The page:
Camera-gun photos

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During World War I, the military first used airplanes for reconnaissance. Planes could do in 4 hours what a traditional cavalry reconnaissance would have taken 24 hours to do. With the information planes could provide, surprise attacks were difficult and troop movements had to be done at night when the planes could not fly. Later, planes were also used as artillery spotters and for some bombing. To try to disguise their operations, the combatants shot at the scouting planes from the ground and sent their own pilots up armed with rifles and shotguns.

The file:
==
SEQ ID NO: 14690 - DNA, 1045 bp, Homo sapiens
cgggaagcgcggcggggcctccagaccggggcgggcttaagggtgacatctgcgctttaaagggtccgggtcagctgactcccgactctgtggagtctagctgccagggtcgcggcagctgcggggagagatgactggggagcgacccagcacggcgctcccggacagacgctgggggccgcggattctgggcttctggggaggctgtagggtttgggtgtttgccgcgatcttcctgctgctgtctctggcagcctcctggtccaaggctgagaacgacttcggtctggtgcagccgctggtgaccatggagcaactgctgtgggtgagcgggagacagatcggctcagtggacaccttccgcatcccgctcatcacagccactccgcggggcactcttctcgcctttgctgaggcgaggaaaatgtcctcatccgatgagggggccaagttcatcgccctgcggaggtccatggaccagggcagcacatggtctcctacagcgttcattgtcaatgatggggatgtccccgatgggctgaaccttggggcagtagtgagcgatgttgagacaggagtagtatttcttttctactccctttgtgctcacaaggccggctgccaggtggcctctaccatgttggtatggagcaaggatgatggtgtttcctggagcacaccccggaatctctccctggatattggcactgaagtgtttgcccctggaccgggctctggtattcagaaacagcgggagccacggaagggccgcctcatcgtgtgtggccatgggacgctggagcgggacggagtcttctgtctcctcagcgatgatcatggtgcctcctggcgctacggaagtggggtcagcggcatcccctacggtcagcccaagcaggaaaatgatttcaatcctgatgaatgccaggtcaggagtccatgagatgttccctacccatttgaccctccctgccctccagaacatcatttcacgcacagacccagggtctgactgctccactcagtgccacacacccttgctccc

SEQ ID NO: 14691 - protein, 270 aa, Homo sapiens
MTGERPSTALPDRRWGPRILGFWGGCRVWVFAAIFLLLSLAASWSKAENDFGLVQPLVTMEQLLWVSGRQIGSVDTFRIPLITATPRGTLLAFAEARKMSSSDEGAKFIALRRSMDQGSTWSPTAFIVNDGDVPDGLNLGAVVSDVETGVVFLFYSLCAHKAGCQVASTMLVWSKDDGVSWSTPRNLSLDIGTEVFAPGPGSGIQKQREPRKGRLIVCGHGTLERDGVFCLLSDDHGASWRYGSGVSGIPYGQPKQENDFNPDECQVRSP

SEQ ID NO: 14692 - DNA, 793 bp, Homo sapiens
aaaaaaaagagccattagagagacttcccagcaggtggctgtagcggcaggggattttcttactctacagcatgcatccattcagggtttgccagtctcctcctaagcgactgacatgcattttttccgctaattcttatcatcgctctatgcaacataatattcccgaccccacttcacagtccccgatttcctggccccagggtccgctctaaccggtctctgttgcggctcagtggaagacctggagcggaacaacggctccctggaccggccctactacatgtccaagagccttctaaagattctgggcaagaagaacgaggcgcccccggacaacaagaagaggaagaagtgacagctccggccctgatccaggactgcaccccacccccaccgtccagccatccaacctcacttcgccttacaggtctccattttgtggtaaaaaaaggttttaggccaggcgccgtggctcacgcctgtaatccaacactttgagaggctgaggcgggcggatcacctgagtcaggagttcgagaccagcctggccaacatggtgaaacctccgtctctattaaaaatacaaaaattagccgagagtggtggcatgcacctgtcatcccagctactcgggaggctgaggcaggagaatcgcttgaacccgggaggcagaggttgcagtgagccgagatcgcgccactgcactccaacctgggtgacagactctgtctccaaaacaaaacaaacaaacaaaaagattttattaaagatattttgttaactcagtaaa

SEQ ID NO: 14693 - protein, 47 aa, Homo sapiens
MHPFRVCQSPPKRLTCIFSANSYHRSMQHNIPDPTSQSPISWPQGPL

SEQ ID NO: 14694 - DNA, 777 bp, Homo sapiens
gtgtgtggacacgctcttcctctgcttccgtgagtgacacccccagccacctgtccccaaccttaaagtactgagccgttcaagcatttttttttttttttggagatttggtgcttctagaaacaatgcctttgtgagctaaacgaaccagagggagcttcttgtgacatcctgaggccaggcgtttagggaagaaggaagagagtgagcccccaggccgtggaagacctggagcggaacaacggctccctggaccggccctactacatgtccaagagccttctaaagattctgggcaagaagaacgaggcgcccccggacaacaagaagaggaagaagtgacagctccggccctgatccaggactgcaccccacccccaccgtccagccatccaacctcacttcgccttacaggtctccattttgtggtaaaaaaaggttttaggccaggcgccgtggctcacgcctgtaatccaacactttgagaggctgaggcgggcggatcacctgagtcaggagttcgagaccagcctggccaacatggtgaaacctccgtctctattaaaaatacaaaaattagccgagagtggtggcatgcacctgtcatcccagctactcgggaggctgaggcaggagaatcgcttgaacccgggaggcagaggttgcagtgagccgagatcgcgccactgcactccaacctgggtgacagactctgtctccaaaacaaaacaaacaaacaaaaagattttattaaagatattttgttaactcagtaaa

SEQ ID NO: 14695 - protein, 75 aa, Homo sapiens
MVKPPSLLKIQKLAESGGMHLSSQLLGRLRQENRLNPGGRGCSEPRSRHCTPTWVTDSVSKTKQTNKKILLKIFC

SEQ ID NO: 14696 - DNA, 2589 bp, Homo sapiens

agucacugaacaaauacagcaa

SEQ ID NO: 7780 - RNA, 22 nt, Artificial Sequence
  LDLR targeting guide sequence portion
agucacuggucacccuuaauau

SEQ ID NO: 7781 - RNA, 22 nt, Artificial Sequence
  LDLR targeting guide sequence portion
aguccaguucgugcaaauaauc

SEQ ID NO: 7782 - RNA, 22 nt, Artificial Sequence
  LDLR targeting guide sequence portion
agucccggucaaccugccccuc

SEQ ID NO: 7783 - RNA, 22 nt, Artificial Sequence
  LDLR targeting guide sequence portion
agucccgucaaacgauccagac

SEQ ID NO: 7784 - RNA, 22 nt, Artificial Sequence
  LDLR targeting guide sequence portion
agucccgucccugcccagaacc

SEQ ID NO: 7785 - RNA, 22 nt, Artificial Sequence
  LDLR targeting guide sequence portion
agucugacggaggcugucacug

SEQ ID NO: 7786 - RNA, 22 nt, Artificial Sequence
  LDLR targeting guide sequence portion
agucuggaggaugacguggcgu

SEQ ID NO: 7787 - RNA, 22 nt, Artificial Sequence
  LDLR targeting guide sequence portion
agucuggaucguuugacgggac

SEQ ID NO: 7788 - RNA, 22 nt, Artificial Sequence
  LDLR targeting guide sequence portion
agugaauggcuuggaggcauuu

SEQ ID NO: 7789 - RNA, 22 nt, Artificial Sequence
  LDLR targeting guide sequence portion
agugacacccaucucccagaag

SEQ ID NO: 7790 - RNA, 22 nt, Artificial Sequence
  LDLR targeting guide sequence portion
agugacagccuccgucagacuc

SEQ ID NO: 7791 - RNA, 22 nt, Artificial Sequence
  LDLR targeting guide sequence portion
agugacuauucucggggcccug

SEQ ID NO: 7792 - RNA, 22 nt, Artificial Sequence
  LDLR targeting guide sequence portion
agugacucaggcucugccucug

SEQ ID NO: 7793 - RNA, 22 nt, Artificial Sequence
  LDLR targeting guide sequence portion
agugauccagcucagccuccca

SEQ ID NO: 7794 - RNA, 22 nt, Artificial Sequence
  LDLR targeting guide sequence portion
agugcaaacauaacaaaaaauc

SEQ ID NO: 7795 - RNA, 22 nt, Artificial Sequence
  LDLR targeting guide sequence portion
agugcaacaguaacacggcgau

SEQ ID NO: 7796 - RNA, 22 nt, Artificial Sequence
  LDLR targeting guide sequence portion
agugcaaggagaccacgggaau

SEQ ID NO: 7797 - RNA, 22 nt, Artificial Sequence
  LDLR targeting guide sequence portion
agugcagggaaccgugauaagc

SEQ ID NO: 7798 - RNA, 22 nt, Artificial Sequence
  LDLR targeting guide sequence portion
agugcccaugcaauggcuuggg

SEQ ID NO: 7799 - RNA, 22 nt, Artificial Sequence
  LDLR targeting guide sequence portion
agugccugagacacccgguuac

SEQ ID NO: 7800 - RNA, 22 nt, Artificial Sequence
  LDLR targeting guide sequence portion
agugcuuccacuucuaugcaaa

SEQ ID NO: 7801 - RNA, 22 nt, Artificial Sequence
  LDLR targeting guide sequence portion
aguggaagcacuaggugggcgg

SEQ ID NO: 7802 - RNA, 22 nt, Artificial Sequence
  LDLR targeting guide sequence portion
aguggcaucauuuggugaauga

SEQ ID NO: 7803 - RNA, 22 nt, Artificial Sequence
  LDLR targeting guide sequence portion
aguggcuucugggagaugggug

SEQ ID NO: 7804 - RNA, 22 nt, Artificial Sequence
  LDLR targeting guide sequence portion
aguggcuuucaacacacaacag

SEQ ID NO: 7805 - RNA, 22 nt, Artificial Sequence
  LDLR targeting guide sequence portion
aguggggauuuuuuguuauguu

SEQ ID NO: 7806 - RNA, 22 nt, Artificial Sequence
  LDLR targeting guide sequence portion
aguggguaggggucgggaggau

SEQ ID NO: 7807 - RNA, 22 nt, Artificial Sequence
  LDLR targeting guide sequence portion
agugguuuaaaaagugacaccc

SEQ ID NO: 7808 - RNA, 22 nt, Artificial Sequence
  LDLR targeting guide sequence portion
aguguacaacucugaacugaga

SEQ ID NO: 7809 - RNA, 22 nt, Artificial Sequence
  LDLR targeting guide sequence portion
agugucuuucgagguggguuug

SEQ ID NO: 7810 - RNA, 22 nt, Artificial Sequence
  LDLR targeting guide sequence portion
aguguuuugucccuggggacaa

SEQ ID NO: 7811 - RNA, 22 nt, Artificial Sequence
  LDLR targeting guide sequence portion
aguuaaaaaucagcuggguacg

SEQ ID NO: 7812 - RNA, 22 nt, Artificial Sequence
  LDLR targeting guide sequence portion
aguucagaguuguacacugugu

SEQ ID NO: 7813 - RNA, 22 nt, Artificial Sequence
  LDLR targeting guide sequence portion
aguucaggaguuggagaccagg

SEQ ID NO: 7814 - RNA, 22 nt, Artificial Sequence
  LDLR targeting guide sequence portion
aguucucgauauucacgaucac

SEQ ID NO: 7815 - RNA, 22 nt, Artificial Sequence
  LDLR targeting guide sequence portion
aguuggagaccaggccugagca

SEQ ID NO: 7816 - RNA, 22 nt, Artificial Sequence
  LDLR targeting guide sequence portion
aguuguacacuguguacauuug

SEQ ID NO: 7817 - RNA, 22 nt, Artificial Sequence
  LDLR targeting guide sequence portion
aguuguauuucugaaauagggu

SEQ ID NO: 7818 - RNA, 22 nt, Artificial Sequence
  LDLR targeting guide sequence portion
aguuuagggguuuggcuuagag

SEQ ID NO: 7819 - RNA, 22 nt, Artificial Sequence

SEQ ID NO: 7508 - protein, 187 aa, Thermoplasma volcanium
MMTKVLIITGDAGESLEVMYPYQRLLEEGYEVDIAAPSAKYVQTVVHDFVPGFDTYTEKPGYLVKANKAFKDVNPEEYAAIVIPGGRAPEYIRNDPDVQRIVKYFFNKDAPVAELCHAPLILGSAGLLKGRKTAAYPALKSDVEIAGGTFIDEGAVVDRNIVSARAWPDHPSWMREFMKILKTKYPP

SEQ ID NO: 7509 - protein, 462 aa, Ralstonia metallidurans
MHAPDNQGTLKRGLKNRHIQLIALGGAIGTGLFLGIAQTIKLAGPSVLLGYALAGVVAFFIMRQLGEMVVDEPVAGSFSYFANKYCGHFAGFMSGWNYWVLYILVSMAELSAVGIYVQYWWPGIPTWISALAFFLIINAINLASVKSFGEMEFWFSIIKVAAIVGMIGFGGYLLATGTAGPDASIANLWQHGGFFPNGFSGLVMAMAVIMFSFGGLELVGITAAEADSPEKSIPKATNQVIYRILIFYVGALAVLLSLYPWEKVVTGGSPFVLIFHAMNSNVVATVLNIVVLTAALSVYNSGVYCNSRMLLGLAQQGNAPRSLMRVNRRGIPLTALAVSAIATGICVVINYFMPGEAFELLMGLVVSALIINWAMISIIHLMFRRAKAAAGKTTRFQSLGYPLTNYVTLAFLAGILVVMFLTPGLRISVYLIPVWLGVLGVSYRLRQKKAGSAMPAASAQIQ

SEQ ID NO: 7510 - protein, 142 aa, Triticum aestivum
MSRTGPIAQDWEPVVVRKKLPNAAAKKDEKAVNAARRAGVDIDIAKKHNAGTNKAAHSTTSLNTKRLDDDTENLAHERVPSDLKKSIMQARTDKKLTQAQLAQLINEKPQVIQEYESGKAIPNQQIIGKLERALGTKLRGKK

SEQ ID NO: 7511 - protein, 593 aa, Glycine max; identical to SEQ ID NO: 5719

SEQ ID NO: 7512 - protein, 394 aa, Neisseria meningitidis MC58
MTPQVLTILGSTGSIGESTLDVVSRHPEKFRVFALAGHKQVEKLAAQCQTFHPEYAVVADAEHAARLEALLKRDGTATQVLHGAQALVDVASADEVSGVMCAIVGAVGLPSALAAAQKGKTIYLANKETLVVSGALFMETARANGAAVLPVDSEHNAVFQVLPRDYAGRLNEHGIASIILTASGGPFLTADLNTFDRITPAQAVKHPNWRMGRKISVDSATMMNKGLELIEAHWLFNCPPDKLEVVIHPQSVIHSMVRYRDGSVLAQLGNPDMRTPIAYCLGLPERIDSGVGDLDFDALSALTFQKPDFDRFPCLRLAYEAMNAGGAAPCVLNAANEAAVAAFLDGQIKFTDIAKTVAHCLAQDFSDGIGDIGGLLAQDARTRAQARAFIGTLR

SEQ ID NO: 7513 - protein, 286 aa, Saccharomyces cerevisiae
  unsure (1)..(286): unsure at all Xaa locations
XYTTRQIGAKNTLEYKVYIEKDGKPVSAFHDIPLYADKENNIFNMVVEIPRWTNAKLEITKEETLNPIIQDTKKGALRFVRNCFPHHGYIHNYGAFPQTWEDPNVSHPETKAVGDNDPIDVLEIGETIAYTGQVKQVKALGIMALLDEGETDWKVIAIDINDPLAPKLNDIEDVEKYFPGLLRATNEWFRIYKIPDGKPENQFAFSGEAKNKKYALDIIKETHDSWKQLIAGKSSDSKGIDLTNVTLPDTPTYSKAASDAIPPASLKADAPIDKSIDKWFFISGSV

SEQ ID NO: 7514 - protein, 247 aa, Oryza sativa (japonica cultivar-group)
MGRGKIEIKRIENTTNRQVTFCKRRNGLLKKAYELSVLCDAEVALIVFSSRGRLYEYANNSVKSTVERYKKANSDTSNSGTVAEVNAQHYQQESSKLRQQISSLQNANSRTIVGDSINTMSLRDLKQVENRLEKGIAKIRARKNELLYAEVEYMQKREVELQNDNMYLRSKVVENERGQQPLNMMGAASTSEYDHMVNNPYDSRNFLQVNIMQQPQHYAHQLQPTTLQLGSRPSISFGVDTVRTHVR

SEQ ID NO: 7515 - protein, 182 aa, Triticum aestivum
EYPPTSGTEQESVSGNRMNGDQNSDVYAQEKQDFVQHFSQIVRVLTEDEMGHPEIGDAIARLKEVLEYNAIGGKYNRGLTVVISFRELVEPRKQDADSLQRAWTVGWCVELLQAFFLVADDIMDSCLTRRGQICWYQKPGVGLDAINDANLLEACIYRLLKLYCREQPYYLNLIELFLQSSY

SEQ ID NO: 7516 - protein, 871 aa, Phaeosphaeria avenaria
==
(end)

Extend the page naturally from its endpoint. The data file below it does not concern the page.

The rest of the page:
After Fokker designed a synchronizing gear in 1915, pilots could fire a forward-facing machine gun through the whirling propeller directly at an enemy plane. Shooting from a moving plane required practice. These small pin point in these photographs shows the trainee where the burst would have hit the enemy plane.


Camera Gun photo by Eck Rorick


© 2015 Benton County Historical Society & Museum
Philomath, Oregon

Oregon State University Horner Museum Collection
sponsored and supported in part by the
Horner Museum Fund